Major stock indexes gained more ground on Wednesday, but most stocks closed lower as bond yields rose again.
After trading in a narrow range for much of the session, the Dow Jones industrial average closed up 52.24 points at 11,187.36. That topped its previous record of 11,139.24, set Friday.
The Standard & Poor's 500 and Nasdaq composite index also set records, posting modest gains after shifting in and out of positive territory throughout the session.
But losers topped winners by 17 to 13 on the New York Stock Exchange and by 21 to 18 on Nasdaq.
Some analysts believe that last week's 586.68-point gain in the Dow may have left little room to extend the long run of U.S. equities.
"All expectations are for very strong earnings this quarter," said Gary Campbell, chief investment officer at Commerce Funds in St. Louis. "But that won't result in major gains. It can't."
"The good news is pretty much fully discounted" in stock prices, said David Mead, chief investment officer at Harris Bank in Chicago. "From here on out, I don't expect much from the stock market except for more volatility."
On Wednesday, some investors may have been surprised by a rash of earnings warnings by some key companies.
Rising bond yields also weighed on stocks. The yield on the 30-year Treasury bond rose to 6.05% from 6.03% Tuesday.
The Treasury sold new 10-year inflation-indexed notes on Wednesday at a yield of 4.04%. Demand was well below what it was at the last such 10-year note sale in January--despite greater concerns in recent months about inflation.
Bond yields in general are facing upward pressure amid a glut of new corporate bond offerings, analysts said.
In commodities trading, gold inched up after diving Tuesday, when Britain sold off 25 tons of gold.
Among the day's highlights:
* Alcoa fell $2.38 to $61.38 despite reporting quarterly earnings up 16%, exceeding expectations.
* Philip Morris slumped $2.63 to $37.88 after a Miami jury decided U.S. tobacco companies are responsible for the death and disease of smokers and could face claims by hundreds of thousands of Florida residents seeking billions in damages. R.J. Reynolds Tobacco Holdings fell $1.19 to $30.88 and Loews fell 81 cents to $79.06.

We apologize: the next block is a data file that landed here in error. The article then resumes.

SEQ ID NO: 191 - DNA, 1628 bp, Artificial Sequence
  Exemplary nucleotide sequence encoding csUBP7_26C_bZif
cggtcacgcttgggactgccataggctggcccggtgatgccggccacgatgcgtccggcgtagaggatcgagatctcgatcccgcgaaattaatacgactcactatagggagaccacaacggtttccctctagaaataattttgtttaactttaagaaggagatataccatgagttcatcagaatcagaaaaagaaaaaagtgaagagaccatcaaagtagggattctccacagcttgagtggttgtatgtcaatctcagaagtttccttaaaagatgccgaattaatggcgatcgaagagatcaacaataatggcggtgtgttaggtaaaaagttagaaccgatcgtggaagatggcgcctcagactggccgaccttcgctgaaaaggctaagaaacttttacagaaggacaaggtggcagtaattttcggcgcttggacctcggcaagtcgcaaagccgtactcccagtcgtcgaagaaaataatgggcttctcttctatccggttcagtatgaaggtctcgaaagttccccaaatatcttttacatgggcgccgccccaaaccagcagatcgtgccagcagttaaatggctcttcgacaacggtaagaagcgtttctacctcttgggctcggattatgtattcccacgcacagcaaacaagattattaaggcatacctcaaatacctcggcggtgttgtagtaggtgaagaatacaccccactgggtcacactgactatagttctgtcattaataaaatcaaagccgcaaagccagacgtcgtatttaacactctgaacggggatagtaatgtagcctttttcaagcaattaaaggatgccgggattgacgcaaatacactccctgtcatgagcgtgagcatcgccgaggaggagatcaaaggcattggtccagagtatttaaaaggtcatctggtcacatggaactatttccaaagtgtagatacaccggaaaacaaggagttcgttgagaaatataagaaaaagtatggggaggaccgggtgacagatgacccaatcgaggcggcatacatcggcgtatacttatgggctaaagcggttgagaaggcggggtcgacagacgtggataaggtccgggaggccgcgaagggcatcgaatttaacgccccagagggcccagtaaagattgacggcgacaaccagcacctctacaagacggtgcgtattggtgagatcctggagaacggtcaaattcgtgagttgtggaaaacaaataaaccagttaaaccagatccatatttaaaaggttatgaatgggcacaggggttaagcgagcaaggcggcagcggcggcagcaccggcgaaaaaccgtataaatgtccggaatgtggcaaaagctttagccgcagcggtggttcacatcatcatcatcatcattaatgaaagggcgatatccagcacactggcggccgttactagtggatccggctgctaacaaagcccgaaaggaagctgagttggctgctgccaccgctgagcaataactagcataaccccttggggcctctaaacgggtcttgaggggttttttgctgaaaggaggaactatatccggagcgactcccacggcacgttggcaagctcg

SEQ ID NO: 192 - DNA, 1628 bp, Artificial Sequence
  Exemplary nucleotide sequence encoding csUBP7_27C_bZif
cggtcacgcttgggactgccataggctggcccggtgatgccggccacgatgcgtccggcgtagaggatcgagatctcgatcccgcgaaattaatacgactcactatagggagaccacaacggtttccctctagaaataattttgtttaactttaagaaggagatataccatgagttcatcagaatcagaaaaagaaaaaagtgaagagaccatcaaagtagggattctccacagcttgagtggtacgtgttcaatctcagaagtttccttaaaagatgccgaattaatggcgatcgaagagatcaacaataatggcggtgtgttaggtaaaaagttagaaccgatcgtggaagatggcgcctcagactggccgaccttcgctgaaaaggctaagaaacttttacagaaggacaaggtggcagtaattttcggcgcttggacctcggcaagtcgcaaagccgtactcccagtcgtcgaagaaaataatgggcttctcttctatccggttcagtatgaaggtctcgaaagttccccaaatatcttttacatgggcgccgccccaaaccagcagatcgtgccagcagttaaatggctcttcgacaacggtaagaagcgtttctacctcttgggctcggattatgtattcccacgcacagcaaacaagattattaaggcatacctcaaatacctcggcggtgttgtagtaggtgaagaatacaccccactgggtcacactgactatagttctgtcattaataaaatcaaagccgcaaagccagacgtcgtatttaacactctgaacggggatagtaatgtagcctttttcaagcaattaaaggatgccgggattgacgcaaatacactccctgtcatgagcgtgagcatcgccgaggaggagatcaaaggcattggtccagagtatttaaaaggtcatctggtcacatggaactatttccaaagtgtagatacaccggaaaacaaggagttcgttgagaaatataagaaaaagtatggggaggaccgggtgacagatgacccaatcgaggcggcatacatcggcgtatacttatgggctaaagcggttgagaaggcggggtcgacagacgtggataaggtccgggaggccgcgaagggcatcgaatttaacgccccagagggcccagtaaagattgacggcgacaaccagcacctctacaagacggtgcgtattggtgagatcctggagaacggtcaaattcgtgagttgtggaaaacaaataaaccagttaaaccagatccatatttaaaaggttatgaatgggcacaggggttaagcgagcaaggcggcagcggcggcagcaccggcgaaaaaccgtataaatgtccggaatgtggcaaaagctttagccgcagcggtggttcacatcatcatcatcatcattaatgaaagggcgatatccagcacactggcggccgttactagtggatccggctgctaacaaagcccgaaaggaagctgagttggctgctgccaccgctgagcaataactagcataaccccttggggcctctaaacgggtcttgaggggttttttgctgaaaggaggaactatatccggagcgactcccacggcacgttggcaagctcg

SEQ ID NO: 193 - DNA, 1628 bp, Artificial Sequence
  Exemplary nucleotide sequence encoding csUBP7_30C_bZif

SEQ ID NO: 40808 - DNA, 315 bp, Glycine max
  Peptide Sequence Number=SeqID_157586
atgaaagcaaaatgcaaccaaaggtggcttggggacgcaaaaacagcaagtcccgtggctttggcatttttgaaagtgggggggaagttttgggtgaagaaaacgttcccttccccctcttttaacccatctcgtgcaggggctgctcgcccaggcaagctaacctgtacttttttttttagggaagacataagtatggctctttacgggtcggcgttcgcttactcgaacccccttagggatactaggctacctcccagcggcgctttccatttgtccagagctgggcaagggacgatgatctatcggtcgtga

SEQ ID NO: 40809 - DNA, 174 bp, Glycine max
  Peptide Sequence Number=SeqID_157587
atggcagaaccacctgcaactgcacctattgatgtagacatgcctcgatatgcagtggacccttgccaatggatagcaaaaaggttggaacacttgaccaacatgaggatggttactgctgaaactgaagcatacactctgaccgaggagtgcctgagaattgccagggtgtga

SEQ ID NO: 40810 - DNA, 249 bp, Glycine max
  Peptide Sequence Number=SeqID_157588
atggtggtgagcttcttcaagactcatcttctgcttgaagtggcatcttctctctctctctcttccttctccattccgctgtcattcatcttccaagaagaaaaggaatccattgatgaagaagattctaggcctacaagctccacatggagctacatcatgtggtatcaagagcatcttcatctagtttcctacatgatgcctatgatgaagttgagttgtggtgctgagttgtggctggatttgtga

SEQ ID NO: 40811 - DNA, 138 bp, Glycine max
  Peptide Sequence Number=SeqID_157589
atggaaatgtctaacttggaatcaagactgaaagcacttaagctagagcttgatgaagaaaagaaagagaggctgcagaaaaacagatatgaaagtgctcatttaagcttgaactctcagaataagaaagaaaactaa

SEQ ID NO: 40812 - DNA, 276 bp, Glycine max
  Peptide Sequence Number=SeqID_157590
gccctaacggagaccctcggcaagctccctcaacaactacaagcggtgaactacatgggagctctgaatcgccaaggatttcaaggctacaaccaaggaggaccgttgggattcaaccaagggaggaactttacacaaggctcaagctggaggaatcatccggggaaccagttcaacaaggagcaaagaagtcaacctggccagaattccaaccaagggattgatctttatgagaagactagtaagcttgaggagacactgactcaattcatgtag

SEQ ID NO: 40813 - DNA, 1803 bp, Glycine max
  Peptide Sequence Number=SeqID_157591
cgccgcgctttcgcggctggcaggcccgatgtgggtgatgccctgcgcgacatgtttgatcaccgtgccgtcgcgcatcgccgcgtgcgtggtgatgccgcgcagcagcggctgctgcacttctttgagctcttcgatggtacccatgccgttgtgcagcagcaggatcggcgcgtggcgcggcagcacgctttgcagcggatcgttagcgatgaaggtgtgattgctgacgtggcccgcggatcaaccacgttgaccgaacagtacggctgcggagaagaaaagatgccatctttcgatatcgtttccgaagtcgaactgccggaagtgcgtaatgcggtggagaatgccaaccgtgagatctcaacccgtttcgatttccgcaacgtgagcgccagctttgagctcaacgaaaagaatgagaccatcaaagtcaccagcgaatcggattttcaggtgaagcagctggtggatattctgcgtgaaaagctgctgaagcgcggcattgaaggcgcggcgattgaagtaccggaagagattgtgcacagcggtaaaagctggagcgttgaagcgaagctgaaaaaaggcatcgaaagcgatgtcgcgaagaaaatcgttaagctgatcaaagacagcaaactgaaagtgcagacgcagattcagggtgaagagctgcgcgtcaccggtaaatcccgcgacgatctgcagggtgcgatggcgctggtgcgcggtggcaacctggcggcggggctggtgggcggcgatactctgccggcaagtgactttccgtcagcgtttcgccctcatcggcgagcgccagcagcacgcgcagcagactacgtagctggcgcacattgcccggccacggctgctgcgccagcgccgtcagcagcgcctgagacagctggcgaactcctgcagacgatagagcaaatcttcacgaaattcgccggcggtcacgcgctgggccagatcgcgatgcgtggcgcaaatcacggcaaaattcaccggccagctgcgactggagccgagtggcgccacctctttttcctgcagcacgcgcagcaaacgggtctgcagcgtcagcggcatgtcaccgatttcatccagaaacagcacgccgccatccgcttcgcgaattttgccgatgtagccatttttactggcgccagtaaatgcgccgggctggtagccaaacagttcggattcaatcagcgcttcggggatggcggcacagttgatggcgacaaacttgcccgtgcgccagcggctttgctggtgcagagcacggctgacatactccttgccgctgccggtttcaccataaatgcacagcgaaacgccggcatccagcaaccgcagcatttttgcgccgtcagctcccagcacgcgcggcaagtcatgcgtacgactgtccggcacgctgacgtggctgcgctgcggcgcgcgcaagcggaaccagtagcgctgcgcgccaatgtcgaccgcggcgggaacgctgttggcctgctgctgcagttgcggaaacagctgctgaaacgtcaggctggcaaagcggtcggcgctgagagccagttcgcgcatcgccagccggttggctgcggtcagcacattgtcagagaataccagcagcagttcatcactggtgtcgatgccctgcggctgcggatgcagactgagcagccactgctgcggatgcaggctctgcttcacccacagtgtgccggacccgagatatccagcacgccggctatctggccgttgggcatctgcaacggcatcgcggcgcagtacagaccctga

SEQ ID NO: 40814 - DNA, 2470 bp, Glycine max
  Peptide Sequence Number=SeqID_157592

* Away from the choppy trading of most market indexes, the initial public offering of Musicmaker.com (ticker symbol: HITS) benefited from renewed interest in new Internet stocks. Shares of the company, which lets customers create customized compact discs, were priced at $14 and jumped to $23.94.
* Cox Communications rose $1.88 to $38.44 after saying it will swap the $2.9 billion in AT&T; stock it holds for AT&T; cable-television systems with 495,000 customers. Cox said it also will receive $750 million in "other consideration, including cash."
* Elan's U.S.-traded shares fell $1.25 to $28.50 after the Securities and Exchange Commission raised questions about its accounting practices in a letter sent to the company in January. Elan, an Irish pharmaceutical company, said it has resolved most issues raised by the SEC.
* Metricom surged $7.63 to $42.75 as the company said several brokerage firms may soon begin coverage of the stock. Last month, MCI WorldCom and Vulcan each agreed to spend $300 million to fund Metricom's wireless modem service.
* Brass Eagle dropped $3.25 to $15.75. The maker of products for paint-ball games expects second-quarter earnings of 37 cents a share, meeting analysts' expectations. Revenue, however, is expected to drop to $17.4 million, compared with $19.5 million in the year-ago quarter.
Market Roundup, C7